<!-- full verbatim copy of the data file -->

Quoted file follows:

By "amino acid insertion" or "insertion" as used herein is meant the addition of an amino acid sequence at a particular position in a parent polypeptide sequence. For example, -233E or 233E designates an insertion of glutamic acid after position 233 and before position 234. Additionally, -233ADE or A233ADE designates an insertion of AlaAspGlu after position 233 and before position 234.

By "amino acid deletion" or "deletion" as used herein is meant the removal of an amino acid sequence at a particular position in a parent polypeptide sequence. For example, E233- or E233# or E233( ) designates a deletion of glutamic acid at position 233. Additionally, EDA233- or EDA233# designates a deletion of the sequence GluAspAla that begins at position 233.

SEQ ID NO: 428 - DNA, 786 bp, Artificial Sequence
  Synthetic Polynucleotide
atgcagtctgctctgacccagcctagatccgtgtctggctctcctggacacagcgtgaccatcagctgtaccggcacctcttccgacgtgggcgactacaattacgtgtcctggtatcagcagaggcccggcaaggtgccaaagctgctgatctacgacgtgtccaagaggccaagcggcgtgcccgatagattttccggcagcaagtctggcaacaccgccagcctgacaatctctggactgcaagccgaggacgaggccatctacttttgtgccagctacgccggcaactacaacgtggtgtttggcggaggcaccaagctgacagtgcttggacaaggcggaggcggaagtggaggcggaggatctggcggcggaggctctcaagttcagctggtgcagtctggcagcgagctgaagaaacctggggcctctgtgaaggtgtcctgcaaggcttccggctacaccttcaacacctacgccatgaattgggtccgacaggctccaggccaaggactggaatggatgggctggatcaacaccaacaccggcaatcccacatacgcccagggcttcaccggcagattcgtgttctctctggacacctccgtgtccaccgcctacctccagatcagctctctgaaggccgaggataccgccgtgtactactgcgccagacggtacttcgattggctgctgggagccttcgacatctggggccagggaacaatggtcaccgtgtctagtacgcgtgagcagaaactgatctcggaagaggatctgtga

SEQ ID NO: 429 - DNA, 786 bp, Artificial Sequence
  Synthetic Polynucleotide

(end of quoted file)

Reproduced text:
By "amino acid insertion" or "insertion" as used herein is meant the addition of an amino acid sequence at a particular position in a parent polypeptide sequence. For example, -233E or 233E designates an insertion of glutamic acid after position 233 and before position 234. Additionally, -233ADE or A233ADE designates an insertion of AlaAspGlu after position 233 and before position 234.

By "amino acid deletion" or "deletion" as used herein is meant the removal of an amino acid sequence at a particular position in a parent polypeptide sequence. For example, E233- or E233# or E233( ) designates a deletion of glutamic acid at position 233. Additionally, EDA233- or EDA233# designates a deletion of the sequence GluAspAla that begins at position 233.

SEQ ID NO: 428 - DNA, 786 bp, Artificial Sequence
  Synthetic Polynucleotide
atgcagtctgctctgacccagcctagatccgtgtctggctctcctggacacagcgtgaccatcagctgtaccggcacctcttccgacgtgggcgactacaattacgtgtcctggtatcagcagaggcccggcaaggtgccaaagctgctgatctacgacgtgtccaagaggccaagcggcgtgcccgatagattttccggcagcaagtctggcaacaccgccagcctgacaatctctggactgcaagccgaggacgaggccatctacttttgtgccagctacgccggcaactacaacgtggtgtttggcggaggcaccaagctgacagtgcttggacaaggcggaggcggaagtggaggcggaggatctggcggcggaggctctcaagttcagctggtgcagtctggcagcgagctgaagaaacctggggcctctgtgaaggtgtcctgcaaggcttccggctacaccttcaacacctacgccatgaattgggtccgacaggctccaggccaaggactggaatggatgggctggatcaacaccaacaccggcaatcccacatacgcccagggcttcaccggcagattcgtgttctctctggacacctccgtgtccaccgcctacctccagatcagctctctgaaggccgaggataccgccgtgtactactgcgccagacggtacttcgattggctgctgggagccttcgacatctggggccagggaacaatggtcaccgtgtctagtacgcgtgagcagaaactgatctcggaagaggatctgtga

SEQ ID NO: 429 - DNA, 786 bp, Artificial Sequence
  Synthetic Polynucleotide